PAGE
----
While hunting around for a suitable title for this post I came across this word. It sounded an apt description for a day spent looking at snowdrops, but alas it turns out it is Australian slang for stealing clothing, often women’s and often off a washing line! No, not apt at all, but do you think if enough of us use it then we could assign a new meaning to the word, as I rather like it.
When I shut my eyes that night all I could see were those little white things. On 19th Feb, I had been to visit to Bruckhills Croft, about an hour’s drive north west of Aberdeen and had obviously spent too long admiring and trying to photograph the wonderful collection of 280 named snowdrops.
My friend and I had a lovely day out; the day was bright, the traffic light and the country roads took us through wonderful rolling, open fields all neatly ploughed ready for the next season’s planting.
We arrived at Bruckhills Croft, with only a little hitch, having sailed right past the bright yellow sign, and were met by Helen, who was very welcoming and showed us where to find all the snowdrops.
This was my first real introduction to the world of snowdrops. I have always loved them, but had never before realised what variety these little plants can show. They are not the easiest of plants to photograph as they are so white and get swayed quite easily by the wind, but I hope some of my photos do them justice.
I assumed this snowdrop ‘Hippolyta’ was named because of its hippo like green marking, but on further research discovered that this double snowdrop was in fact named after a subdued Amazon queen from Shakespear’s ‘A Midsummer Night’s Dream’. You just never know do you?
This next snowdrop is a cultivar of Atkinsii and is distinguished by the fact that it sometimes produces flowers with an extra petal. Fascinating! Doesn’t it look lovely against the dark foliage of the Ajuga?
This Galanthus plicatus ‘Trym’ is very fertile and passes on its characteristics to its offspring in different ways. Doesn’t it have lovely markings?
I loved the unopened shape of this double, Galanthus ‘Lavinia’, assumed to be named after the mother of A.H. Greatorex, Mariane Lavinia, back in 1948.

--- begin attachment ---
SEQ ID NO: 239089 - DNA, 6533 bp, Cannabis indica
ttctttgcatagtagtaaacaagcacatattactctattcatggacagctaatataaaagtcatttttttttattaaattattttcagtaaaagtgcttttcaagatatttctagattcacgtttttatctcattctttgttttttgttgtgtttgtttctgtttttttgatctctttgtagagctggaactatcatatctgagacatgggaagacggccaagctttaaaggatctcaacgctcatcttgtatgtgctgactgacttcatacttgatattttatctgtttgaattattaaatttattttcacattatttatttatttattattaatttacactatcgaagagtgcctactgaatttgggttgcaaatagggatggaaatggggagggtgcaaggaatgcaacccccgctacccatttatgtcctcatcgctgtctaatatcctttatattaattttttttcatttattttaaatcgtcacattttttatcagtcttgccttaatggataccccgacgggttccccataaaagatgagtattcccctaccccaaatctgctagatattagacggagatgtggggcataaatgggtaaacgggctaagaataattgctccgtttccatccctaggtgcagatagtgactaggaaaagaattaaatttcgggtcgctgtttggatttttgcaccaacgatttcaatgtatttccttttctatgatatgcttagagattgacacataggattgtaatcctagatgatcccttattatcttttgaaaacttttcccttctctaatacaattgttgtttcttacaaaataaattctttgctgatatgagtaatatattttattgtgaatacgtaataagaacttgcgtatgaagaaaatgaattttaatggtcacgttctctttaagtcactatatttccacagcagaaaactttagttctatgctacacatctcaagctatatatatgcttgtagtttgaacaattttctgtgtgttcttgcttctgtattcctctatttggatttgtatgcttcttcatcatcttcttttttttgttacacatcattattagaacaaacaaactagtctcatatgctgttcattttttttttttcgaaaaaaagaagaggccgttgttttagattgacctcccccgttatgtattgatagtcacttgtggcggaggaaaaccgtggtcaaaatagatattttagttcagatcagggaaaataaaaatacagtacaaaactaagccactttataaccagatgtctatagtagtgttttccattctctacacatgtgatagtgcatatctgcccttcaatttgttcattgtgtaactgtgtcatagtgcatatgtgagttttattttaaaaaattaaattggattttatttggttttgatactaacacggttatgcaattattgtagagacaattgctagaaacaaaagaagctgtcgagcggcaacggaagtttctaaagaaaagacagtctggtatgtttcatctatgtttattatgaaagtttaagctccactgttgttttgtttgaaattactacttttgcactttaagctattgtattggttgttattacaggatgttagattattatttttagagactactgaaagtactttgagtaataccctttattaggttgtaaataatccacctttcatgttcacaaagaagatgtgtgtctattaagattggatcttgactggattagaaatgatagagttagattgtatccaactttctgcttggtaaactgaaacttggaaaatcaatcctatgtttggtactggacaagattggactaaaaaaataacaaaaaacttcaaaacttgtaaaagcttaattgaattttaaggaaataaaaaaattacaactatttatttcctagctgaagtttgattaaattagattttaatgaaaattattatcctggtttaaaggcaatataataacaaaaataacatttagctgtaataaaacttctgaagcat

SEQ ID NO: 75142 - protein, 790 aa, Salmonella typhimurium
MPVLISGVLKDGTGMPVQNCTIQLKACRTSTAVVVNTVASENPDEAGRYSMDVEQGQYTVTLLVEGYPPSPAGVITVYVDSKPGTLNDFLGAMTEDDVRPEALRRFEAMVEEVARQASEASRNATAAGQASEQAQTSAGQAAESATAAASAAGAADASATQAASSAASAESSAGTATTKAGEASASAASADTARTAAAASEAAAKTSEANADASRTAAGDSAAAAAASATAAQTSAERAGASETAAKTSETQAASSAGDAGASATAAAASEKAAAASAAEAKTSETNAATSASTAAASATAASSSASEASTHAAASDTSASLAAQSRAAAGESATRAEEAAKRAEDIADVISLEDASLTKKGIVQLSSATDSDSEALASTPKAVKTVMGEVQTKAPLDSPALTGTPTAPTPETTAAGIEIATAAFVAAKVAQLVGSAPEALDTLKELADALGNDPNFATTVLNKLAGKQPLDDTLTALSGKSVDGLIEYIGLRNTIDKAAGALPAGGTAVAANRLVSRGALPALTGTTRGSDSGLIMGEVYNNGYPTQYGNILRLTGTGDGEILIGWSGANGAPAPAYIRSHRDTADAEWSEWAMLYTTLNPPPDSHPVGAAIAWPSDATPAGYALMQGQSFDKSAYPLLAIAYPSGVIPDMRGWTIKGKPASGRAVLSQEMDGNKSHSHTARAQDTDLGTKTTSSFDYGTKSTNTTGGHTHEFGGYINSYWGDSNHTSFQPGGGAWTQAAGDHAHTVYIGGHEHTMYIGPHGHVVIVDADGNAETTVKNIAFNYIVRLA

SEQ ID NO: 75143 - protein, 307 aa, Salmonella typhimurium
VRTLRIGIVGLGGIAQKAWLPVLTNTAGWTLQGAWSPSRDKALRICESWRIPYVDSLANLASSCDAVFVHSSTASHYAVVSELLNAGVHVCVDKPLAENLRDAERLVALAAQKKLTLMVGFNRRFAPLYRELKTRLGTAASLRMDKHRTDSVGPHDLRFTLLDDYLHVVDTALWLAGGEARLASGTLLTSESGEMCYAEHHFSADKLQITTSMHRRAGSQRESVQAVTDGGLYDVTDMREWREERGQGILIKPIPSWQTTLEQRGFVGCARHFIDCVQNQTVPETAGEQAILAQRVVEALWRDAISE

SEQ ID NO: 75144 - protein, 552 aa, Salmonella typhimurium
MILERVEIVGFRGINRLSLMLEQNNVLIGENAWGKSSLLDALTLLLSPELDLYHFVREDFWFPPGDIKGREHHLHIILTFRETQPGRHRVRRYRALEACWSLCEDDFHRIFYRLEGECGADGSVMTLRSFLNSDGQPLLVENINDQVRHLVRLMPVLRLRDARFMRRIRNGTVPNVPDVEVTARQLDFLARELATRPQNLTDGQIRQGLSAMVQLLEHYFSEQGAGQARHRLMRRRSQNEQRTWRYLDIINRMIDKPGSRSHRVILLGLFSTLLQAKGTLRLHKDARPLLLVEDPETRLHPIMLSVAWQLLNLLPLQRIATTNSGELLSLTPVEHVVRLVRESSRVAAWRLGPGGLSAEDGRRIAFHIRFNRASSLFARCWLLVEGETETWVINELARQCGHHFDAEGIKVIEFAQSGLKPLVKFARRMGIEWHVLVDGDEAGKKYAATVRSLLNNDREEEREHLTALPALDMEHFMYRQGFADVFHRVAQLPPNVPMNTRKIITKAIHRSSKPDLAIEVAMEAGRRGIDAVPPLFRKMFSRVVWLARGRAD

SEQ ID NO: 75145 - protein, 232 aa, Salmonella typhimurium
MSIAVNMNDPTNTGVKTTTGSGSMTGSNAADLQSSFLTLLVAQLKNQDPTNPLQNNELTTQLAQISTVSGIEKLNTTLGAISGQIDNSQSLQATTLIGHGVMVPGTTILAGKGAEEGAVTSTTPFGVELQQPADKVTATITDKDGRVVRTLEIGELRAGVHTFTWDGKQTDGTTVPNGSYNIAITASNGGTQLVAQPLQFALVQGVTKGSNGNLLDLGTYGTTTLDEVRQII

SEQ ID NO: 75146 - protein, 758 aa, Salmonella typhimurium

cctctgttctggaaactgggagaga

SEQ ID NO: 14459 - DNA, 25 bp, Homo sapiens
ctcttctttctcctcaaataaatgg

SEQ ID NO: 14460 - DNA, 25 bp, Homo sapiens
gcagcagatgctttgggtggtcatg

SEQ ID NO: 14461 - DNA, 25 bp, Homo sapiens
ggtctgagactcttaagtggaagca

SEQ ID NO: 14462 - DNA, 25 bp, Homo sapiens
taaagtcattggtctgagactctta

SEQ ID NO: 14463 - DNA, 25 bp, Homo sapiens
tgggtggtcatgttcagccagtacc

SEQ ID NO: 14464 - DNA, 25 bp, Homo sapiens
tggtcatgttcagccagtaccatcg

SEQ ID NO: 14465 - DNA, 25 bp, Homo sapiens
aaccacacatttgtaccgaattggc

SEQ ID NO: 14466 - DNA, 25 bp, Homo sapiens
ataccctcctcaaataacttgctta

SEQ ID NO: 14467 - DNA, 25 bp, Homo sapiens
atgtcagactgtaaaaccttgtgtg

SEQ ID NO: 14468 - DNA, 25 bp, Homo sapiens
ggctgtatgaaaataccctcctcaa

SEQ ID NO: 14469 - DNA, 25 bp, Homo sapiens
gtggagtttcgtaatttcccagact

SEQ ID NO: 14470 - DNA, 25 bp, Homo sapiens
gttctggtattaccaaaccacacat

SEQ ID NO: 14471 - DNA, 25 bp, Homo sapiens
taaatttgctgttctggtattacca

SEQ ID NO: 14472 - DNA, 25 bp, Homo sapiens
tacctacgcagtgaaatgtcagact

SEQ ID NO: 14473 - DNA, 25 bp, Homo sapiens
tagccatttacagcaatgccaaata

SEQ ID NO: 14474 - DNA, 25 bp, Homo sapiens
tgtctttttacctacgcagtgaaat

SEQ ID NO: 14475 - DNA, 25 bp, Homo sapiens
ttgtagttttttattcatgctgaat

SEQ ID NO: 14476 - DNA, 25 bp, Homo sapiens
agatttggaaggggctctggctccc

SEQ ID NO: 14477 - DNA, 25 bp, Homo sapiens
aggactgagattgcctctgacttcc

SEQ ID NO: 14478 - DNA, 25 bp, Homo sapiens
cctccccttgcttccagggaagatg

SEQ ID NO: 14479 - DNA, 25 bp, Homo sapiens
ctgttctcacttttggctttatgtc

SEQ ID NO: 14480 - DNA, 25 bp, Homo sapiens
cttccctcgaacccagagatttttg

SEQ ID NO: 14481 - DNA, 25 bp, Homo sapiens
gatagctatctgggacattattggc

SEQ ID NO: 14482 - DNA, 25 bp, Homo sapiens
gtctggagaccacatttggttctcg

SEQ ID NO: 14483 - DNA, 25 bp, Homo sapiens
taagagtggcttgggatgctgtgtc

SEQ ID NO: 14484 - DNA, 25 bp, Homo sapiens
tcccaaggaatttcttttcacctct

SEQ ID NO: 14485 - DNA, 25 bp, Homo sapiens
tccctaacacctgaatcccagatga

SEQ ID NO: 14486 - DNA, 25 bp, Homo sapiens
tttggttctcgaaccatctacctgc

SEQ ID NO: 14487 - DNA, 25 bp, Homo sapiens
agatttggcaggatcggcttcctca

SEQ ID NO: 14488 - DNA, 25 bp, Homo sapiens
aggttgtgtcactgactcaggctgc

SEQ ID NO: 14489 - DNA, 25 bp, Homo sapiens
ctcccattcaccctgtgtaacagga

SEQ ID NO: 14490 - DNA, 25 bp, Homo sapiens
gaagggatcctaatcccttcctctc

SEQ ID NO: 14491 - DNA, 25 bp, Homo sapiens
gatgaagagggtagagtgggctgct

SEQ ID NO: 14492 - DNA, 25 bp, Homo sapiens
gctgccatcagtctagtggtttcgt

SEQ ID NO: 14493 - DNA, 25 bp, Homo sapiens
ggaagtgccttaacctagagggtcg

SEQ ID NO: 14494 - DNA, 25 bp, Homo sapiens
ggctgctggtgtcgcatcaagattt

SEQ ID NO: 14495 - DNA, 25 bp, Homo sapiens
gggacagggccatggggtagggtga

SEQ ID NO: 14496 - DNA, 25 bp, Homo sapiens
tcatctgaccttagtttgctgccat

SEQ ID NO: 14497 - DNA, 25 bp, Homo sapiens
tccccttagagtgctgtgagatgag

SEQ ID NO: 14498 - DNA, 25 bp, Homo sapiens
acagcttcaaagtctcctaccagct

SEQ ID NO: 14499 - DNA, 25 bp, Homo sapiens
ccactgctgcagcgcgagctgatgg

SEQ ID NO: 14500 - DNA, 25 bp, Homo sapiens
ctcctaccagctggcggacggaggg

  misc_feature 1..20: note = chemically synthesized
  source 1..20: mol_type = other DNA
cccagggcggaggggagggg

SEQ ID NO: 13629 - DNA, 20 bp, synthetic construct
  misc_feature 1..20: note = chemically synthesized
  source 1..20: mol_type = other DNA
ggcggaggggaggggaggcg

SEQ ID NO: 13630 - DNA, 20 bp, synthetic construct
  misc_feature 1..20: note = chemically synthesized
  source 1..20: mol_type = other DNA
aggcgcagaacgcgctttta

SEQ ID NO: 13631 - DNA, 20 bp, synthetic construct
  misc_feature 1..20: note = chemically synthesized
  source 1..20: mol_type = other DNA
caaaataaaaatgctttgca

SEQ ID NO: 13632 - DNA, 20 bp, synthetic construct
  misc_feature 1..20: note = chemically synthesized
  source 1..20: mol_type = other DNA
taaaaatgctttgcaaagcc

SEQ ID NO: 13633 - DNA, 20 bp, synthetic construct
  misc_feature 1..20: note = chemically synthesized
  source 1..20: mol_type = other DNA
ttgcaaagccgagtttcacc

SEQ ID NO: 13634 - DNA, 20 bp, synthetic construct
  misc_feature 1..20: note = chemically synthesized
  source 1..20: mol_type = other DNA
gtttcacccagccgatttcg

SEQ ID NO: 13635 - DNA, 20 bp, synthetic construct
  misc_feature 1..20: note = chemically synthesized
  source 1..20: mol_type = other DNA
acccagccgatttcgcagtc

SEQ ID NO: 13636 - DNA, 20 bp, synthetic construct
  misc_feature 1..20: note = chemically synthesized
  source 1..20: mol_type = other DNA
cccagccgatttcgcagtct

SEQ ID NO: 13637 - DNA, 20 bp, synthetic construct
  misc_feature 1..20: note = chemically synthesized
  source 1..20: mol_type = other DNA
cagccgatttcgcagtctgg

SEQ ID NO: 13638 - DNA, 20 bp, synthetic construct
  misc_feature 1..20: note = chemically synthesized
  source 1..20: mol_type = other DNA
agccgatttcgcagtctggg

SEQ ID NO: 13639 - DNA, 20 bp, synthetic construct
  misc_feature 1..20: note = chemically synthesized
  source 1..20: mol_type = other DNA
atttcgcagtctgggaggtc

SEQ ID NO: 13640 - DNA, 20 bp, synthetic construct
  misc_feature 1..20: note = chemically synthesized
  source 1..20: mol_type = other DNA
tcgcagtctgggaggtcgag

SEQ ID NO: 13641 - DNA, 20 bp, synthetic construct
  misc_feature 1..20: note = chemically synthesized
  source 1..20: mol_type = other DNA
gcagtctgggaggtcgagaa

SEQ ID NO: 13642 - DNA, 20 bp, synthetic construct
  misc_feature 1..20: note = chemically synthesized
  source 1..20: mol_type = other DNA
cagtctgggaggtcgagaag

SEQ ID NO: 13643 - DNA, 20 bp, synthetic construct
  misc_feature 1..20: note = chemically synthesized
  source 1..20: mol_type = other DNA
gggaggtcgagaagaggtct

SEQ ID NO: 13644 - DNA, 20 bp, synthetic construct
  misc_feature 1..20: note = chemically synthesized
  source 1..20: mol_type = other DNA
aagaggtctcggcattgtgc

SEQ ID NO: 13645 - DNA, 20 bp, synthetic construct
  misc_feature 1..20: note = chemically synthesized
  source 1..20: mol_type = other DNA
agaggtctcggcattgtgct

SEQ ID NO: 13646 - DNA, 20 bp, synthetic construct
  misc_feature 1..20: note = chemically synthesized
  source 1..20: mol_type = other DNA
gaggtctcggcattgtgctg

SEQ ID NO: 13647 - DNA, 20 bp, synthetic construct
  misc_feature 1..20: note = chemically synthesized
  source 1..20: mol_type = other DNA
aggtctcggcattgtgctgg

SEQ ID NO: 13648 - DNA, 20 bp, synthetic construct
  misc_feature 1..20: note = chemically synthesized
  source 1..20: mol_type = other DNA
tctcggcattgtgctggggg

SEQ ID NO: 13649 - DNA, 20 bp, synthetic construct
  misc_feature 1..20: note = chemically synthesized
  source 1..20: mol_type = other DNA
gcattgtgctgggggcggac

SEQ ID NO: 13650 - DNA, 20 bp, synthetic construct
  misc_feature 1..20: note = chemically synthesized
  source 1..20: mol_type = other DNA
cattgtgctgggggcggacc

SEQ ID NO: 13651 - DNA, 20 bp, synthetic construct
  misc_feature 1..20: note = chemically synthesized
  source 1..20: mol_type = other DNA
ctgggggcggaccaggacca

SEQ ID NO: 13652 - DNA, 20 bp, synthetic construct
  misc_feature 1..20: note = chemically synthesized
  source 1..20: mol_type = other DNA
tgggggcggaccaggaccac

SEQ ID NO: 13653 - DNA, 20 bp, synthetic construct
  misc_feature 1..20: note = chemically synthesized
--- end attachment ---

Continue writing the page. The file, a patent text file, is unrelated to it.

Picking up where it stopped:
‘Lady Elphinstone’, discovered in Cheshire in 1890, just looks happy to be alive in the spring sunshine. Unfortunately I missed photographing her lovely yellow skirt!
I think these next snowdrops are particularly beautiful with their yellow ovaries shining in the sunshine.
Galanthus ‘Lerinda’ was just asking to be photographed from above to best show off her delightful shapes.
Many of the snowdrops at Buckhill’s Croft were planted in front of pieces of dark slate to show them off to their best,
While others had a natural foil in the brown remains of the herbaceous border.
On our way to the greenhouse, behind the house, we found this lovely clump of Galanthus ‘Wasp’ – a snowdrop I had been on the lookout for.
With its lovely slender petals and stripy inner markings I think this snowdrop is one of my favourites.
There were so many snowdrops growing happily outside, but we couldn’t wait to see what treasures were hidden in the greenhouse.
The one I really wanted to see was Galanthus woronowii ‘Elizabeth Harrison’ – the same one that Thompson and Morgan had paid £725 for in 2012. Helen had been lucky enough to buy one direct from a grower.
She was beautiful, but I believe is no longer the most valuable bulb as a Galanthus plicatus ‘Golden Fleece’ has just sold on Ebay for £1390.
I hope the purchaser has some serious security on their greenhouse.
There were other lovely snowdrops keeping her company inside:
I love the seersucker petals of this one.
But I think this scatty looking snowdrop was another of my favourites.
I bet you are all wondering how many of these lovely snowdrops I managed to come home with?
I was quite restrained, but I did buy a pot containing a couple of ‘Magnet’ snowdrops and , how could I resist, a slightly more expensive pot with my current favourite – ‘Wasp’.
I am delighted with my purchases and no doubt you will be seeing them feature in my posts as they settle in my garden.
Meanwhile, thanks to Helen, for a wonderful visit to her garden – if you are a Facebook follower you should search on Bruckhill’s Garden’ to find her page and follow her wonderful snowdrop collection.
And if anyone is still reading that doesn’t understand what all the fuss is about here is a little something for you – my first glimpse of a wild primrose this year; I found it flowering nonchalantly at the back of a snowdrop border.